There are some incidents that can result in more than one legal case. This surprises some people, but this isn't a violation of the double jeopardy law. It is possible to face a criminal charge and a civil charge in connection with one event. A person can also have one type of case and not the other.
These two types of cases are both handled in the court system, but there are some very specific points that differentiate them.
What are the possible outcomes of each case?
People in a criminal case can face the possibility of time in prison or on probation if they are convicted. These aren't possible in a civil case. Both types of cases come with the possibility of having to deal with financial consequences. A person who loses a civil case might have to pay a financial award to the other party.
What parties are involved?
The plaintiff in a criminal case is usually the government. In a civil case, the person who has the complaint against another person is the plaintiff or complainant. In both cases, the person who has the charge or claim levied against them is the defendant. It is possible for there to be multiple defendants and plaintiffs or complainants.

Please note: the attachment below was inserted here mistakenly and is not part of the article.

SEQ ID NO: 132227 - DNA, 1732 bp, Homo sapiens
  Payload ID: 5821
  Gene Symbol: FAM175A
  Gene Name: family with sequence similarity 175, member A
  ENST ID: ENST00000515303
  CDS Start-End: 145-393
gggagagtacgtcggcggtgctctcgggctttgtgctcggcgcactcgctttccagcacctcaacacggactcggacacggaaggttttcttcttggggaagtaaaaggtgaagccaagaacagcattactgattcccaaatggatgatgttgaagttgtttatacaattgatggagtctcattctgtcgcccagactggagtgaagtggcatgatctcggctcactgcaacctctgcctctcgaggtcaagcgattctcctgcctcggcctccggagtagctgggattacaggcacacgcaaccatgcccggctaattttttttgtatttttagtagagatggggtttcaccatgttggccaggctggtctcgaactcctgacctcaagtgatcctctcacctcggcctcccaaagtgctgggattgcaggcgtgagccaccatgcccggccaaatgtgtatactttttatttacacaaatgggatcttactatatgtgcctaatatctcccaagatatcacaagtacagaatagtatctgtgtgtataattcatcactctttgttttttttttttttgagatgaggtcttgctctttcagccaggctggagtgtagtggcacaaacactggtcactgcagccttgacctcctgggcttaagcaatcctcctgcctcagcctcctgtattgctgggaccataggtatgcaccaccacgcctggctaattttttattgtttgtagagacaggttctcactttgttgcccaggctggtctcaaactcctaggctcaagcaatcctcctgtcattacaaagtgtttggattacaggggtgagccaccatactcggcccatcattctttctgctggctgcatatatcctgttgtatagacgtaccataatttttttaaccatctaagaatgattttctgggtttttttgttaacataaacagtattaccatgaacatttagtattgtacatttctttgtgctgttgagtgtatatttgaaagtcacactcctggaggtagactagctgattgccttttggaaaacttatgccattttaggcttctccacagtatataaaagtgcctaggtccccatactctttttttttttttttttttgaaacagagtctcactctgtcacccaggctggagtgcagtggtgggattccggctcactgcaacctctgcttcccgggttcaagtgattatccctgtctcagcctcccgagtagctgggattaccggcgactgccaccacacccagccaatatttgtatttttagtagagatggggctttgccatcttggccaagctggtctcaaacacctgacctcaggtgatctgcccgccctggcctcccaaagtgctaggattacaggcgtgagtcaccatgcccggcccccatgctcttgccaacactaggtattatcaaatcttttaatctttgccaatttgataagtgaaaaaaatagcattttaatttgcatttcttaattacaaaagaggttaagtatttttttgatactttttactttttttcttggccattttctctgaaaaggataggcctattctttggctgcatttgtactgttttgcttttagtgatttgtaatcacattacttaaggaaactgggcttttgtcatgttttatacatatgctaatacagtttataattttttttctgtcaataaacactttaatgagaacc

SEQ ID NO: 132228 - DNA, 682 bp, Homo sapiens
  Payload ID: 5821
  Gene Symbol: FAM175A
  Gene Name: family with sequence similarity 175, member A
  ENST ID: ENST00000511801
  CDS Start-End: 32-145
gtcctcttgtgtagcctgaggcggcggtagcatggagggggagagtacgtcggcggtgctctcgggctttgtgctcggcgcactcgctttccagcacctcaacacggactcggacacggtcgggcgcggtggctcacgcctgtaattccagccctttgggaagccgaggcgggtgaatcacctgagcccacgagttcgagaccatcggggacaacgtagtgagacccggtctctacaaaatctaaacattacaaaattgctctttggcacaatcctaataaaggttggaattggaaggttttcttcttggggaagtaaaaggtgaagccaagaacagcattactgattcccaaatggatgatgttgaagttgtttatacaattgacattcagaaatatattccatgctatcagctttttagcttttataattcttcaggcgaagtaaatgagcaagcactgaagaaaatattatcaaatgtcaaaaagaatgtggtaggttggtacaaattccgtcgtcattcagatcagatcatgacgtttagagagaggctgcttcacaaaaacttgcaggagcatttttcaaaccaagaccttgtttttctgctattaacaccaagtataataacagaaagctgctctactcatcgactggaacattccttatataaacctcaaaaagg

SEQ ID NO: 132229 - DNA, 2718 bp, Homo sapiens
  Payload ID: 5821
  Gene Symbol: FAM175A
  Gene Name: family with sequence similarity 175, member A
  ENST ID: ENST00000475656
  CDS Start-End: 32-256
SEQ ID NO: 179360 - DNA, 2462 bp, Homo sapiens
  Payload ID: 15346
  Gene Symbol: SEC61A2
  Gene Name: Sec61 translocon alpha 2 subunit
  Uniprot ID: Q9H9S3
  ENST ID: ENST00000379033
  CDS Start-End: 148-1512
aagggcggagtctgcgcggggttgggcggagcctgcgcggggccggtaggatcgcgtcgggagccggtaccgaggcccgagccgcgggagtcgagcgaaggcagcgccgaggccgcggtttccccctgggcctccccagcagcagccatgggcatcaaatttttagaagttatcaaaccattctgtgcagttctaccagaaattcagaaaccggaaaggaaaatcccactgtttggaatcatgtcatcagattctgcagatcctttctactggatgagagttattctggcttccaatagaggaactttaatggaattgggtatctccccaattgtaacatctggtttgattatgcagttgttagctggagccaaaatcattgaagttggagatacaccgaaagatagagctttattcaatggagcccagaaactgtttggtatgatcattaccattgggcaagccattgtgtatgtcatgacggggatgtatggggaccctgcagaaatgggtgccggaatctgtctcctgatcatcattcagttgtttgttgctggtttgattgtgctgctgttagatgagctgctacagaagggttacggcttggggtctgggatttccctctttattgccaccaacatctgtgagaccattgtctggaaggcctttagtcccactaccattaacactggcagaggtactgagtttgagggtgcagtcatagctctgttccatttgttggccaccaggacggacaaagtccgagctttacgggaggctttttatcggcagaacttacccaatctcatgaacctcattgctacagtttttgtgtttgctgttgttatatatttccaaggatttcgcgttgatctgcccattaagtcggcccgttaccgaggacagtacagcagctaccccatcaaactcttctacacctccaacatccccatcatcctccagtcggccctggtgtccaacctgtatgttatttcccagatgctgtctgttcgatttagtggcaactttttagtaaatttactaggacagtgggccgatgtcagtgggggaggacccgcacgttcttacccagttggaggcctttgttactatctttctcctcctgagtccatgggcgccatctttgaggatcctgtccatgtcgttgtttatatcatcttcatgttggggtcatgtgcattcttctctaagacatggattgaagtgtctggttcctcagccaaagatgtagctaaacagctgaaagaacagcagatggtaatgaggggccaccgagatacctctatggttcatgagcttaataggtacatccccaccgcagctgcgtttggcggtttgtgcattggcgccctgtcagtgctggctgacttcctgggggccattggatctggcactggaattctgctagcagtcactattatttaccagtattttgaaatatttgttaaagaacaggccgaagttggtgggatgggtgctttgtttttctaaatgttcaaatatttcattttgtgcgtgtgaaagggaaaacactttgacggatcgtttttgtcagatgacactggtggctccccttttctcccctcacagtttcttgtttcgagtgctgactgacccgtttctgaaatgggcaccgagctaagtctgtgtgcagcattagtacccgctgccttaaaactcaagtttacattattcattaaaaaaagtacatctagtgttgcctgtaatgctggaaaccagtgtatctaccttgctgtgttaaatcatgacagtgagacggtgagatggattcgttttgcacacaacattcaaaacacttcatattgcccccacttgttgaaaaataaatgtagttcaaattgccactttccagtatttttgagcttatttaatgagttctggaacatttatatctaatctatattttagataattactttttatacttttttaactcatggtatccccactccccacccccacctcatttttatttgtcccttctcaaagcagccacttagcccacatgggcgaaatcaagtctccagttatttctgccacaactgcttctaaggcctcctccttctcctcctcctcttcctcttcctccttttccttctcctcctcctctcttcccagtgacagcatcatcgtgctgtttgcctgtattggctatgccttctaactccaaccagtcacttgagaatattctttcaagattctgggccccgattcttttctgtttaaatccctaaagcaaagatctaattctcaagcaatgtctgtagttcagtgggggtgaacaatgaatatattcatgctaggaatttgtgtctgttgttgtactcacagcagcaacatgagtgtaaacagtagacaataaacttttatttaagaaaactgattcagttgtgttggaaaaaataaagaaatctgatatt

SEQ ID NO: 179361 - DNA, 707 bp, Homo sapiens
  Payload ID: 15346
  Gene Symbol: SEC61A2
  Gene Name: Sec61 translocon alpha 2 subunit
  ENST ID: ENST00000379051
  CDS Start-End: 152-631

Do both cases require legal representation?
You have the right to represent yourself in both cases. However, most people opt to hire representation for both types of cases. This gives them the protection of having someone on their side who knows about the laws and court procedures that might help them with their case.
Source: FindLaw, "The Differences between a Criminal Case and a Civil Case," accessed May 04, 2018